January 16, 2016

Humans in the central Siberian Arctic ~45,000 years ago

The lack of such northerly sites prior to 45,000 years ago makes it quite likely that this mammoth kill was made by modern humans (it would be quite a coincidence if it was made by Neandertals at the same time as the expansionary Homo sapiens make their appearance all over the rest of Eurasia). If this is right, it's quite remarkable that by the mid to late 40,000s, modern humans were at ease from the equator to the arctic and from Europe to the remotest parts of Asia.

Science 15 Jan 2016:
Vol. 351, Issue 6270, pp. 260-263

Early human presence in the Arctic: Evidence from 45,000-year-old mammoth remains

Vladimir V. Pitulko, Alexei N. Tikhonov et al.

Archaeological evidence for human dispersal through northern Eurasia before 40,000 years ago is rare. In west Siberia, the northernmost find of that age is located at 57°N. Elsewhere, the earliest presence of humans in the Arctic is commonly thought to be circa 35,000 to 30,000 years before the present. A mammoth kill site in the central Siberian Arctic, dated to 45,000 years before the present, expands the populated area to almost 72°N. The advancement of mammoth hunting probably allowed people to survive and spread widely across northernmost Arctic Siberia.



batman said...
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batman said...

Already a decade ago we had several, well-documented discoveries of 25.000 to 45.000 years old sites - from England to Fenno-Scandia and northern Russia - proved that we had a continous populations within the Eurasian arctic from a minimum of 20.000 years.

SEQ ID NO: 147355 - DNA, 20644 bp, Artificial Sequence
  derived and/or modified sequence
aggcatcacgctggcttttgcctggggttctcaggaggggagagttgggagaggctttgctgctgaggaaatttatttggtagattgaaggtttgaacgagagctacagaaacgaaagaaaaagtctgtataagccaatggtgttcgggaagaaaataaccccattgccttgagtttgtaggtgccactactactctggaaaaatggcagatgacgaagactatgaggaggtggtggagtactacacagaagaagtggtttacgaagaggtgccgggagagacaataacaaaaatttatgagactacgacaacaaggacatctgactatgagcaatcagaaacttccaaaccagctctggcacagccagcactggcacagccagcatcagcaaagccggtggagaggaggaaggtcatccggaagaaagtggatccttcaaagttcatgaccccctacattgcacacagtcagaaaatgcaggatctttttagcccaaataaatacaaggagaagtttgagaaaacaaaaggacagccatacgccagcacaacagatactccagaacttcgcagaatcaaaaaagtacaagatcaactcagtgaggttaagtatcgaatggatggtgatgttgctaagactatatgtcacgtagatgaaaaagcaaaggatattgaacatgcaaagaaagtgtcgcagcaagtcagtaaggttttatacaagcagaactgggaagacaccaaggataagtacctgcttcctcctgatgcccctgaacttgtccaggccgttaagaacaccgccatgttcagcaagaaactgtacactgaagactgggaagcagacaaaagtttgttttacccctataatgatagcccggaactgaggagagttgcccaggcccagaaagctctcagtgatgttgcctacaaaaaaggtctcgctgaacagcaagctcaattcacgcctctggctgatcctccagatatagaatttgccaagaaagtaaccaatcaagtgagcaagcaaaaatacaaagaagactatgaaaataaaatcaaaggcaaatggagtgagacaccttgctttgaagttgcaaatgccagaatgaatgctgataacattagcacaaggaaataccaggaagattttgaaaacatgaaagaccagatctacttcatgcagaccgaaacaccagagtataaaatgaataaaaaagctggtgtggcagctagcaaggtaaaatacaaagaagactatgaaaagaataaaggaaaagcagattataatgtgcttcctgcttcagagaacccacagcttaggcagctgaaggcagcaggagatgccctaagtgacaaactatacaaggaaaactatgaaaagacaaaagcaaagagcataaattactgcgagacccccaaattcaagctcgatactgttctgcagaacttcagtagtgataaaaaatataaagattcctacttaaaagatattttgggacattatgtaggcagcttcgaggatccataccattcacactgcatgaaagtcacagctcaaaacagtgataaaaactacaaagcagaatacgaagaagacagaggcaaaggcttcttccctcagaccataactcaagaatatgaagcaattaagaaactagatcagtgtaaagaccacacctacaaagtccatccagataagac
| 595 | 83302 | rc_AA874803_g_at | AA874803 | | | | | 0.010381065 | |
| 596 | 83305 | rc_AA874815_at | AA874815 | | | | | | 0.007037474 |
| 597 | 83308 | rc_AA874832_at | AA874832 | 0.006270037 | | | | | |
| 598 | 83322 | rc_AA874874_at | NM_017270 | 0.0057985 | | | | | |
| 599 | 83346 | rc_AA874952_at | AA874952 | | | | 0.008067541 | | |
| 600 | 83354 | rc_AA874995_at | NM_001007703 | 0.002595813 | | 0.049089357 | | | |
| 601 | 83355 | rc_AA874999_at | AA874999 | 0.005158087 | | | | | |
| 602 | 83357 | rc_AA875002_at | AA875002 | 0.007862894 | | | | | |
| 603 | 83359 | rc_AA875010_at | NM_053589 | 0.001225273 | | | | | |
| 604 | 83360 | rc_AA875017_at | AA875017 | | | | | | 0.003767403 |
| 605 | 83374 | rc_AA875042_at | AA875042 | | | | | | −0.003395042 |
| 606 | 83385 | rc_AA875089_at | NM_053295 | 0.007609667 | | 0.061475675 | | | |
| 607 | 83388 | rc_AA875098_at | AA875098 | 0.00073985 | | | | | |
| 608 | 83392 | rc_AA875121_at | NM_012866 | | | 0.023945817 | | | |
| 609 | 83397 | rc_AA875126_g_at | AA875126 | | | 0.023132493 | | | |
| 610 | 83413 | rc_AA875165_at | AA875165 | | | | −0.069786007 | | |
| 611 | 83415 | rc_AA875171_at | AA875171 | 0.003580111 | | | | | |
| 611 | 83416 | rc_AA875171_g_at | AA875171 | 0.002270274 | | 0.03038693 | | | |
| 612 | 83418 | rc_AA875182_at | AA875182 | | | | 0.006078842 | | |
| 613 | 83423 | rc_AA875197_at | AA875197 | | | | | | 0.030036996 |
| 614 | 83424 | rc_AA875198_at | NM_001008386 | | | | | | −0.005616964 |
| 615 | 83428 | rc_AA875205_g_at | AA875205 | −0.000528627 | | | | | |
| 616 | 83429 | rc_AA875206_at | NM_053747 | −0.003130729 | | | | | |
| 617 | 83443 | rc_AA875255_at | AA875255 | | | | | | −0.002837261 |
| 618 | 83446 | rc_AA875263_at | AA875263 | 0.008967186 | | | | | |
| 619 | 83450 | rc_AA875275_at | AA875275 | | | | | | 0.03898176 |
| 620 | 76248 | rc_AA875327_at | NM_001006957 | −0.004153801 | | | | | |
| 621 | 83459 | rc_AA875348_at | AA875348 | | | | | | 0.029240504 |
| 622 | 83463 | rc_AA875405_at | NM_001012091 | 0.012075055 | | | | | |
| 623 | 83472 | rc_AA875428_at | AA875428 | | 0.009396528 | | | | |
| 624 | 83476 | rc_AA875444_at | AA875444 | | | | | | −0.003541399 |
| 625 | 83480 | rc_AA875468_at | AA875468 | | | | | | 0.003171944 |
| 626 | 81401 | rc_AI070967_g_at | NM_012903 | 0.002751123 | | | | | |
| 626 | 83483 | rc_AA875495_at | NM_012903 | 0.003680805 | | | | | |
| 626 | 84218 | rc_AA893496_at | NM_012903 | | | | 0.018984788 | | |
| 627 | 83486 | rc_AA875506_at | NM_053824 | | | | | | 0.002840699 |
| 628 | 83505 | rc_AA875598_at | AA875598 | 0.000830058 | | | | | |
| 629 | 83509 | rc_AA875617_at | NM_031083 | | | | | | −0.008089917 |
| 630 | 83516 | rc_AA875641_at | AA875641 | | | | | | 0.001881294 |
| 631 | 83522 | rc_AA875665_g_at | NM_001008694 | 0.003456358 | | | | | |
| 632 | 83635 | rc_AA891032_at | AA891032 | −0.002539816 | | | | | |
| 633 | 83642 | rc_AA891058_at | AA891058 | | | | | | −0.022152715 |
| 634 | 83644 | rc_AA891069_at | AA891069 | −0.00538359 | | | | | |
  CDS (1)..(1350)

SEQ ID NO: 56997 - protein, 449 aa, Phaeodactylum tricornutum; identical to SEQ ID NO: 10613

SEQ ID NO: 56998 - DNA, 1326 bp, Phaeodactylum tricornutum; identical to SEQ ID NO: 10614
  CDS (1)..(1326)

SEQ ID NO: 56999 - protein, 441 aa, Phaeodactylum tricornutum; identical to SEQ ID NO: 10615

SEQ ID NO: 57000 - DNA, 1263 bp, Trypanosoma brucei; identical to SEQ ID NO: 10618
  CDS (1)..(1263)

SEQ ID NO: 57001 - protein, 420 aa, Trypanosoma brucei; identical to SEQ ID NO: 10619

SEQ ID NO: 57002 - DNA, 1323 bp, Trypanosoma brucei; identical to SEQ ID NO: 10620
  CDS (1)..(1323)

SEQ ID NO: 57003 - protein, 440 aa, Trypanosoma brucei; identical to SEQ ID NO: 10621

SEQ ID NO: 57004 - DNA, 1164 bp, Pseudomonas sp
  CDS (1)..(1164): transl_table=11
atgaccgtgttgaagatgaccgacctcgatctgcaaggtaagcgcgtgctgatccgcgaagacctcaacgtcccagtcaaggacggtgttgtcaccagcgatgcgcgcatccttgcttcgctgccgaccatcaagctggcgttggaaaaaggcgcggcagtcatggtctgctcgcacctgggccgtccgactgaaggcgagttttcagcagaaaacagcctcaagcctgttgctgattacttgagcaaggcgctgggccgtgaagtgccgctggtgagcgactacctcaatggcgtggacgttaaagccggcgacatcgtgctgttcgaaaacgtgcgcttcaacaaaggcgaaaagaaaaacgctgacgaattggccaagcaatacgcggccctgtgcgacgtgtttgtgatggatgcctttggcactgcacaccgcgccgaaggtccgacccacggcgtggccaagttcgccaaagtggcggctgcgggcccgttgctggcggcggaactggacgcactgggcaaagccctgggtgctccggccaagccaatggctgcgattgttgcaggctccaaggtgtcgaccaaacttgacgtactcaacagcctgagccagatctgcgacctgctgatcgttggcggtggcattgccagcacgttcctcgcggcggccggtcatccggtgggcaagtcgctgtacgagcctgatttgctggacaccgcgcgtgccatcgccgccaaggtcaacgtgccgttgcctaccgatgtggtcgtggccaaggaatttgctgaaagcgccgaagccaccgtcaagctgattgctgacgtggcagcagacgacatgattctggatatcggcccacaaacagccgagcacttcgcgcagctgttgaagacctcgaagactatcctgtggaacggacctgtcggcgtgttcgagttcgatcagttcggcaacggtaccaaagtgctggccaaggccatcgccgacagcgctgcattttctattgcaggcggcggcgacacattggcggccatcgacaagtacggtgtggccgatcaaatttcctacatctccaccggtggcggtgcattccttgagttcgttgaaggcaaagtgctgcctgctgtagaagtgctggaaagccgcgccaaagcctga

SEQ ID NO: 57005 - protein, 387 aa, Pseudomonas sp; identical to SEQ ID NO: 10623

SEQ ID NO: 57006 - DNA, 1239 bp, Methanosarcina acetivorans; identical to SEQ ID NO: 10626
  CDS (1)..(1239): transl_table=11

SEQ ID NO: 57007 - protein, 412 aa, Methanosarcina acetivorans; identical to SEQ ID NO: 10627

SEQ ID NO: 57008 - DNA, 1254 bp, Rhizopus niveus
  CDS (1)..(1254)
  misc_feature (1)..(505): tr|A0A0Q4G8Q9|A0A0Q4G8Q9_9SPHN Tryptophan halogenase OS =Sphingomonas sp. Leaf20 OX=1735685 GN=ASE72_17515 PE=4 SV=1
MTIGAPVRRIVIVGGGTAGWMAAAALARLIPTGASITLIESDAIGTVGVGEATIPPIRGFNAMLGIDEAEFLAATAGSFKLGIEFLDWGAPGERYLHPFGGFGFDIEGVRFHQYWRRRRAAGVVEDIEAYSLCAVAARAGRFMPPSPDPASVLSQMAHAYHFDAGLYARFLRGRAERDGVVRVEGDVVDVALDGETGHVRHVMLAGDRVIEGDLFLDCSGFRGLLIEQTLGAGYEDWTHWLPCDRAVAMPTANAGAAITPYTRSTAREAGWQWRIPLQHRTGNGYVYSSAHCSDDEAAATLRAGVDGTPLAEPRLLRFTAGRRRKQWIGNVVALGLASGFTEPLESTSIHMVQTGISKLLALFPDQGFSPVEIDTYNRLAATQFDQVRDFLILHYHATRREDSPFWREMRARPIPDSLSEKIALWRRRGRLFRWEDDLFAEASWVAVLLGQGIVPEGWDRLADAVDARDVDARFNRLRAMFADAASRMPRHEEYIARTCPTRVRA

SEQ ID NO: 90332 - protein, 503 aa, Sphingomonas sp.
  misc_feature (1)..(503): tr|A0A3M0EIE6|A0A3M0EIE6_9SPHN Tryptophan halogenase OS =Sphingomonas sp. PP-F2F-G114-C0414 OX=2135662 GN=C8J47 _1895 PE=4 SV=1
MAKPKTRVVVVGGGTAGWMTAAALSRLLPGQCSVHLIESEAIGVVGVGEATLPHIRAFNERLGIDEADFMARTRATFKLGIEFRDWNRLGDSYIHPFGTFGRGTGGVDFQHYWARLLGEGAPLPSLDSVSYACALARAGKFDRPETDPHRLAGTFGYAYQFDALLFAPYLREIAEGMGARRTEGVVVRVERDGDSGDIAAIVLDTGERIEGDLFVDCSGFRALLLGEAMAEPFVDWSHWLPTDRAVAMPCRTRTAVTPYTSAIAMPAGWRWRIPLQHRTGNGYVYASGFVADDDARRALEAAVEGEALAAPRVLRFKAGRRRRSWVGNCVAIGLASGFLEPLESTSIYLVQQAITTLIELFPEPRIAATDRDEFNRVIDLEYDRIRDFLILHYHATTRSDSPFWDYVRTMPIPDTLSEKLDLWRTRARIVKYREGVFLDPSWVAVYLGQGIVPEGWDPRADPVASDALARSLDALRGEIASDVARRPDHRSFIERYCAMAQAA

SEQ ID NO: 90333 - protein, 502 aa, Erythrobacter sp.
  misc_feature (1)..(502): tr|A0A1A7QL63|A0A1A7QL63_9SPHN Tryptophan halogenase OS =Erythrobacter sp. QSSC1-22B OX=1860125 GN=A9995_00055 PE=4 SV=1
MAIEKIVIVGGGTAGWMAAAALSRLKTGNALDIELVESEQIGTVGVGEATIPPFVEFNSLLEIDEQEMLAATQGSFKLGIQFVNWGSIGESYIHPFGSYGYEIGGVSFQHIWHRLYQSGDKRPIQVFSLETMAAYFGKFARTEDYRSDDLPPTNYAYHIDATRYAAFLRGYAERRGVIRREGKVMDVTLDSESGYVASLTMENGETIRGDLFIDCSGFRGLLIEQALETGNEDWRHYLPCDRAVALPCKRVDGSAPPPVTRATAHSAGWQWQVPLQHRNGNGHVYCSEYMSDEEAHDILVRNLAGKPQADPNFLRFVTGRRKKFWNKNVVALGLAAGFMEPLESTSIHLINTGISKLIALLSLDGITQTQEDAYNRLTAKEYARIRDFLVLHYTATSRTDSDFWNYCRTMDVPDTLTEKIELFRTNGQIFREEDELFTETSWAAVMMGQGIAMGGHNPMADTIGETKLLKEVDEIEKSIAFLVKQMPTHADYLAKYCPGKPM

Today most people know about Bilzingleben, Dolni Velistoce, Sunghir, Kostenki, Mal'ta, Kapova, Denisova and Ust-Ishim. What many seems to have missed is the northern row of discoveries from late Paleolithic - like Orsa in Sweden, the Wolf Cave in Finland and Onega in Carelia - as well as Byzova (71 N*) and Mamontaya Kurja at the NW Russian shores of the Arctic Ocean.



Alvah said...

Just the path Amerindians would have taken if they, after exiting the Americas (OoAm), were looking for another door back into the Americas. They, the newly arriving and first “Old” World Homo sapiens sapiens/Amerindians, were exploring, for the first time, a new (Old) World in more directions than just across the Arctic; as they apparently hurried into Australia as some early dates suggest. These early dates from the Arctic point to the colonization of Eurasia from the northern and eastern extremes by way of the Bering Sea and/or Land Bridge out the backdoor from the Americas.

Were the spear points made of bone or ivory? The American pre-Clovis scene suggests “bone before stone” and hints these arctic hunters came from the Americas. Might we also reference the relevance of Richard E. Morlan’s finds from the Yukon at an equivalent date?

Morlan, Richard E., 1980. Taphonomy and Archaeology in the Upper Pleistocene of the Northern Yukon Territory: A Glimpse of the Peopling of the New World. National Mus. of Canada, Mercury Series, Arch. Survey of Canada Paper 94.

Morlan, Richard E., 1983. "Pre-Clovis Occupation North of the Ice Sheets" in Early Man in the New World, edited by R. Shutler, Jr., pp. 47-63. Sage Publications, Beverly Hills.

Morlan, Richard E., 1987. The Pleistocene Archaeology of Beringia. In The Evolution of Human Hunting, Edited by M.H. Nitecki And D.V. Nitecki, pp.267-307. Plenum Press, New York.


Bonnichsen, R., Young, D. 1980. Early Technological Repertoires: Bone to Stone. Can J Anthropol 1:123-128.
and also William N. Irving;

Irving, William N. 1987. New Dates from Old Bones: Twisted Fractures in Mammoth Bones and Some Flaked Bone Tools Suggest that Humans Occupied the Yukon More than 40,000 Years Ago. Natural History. 2/87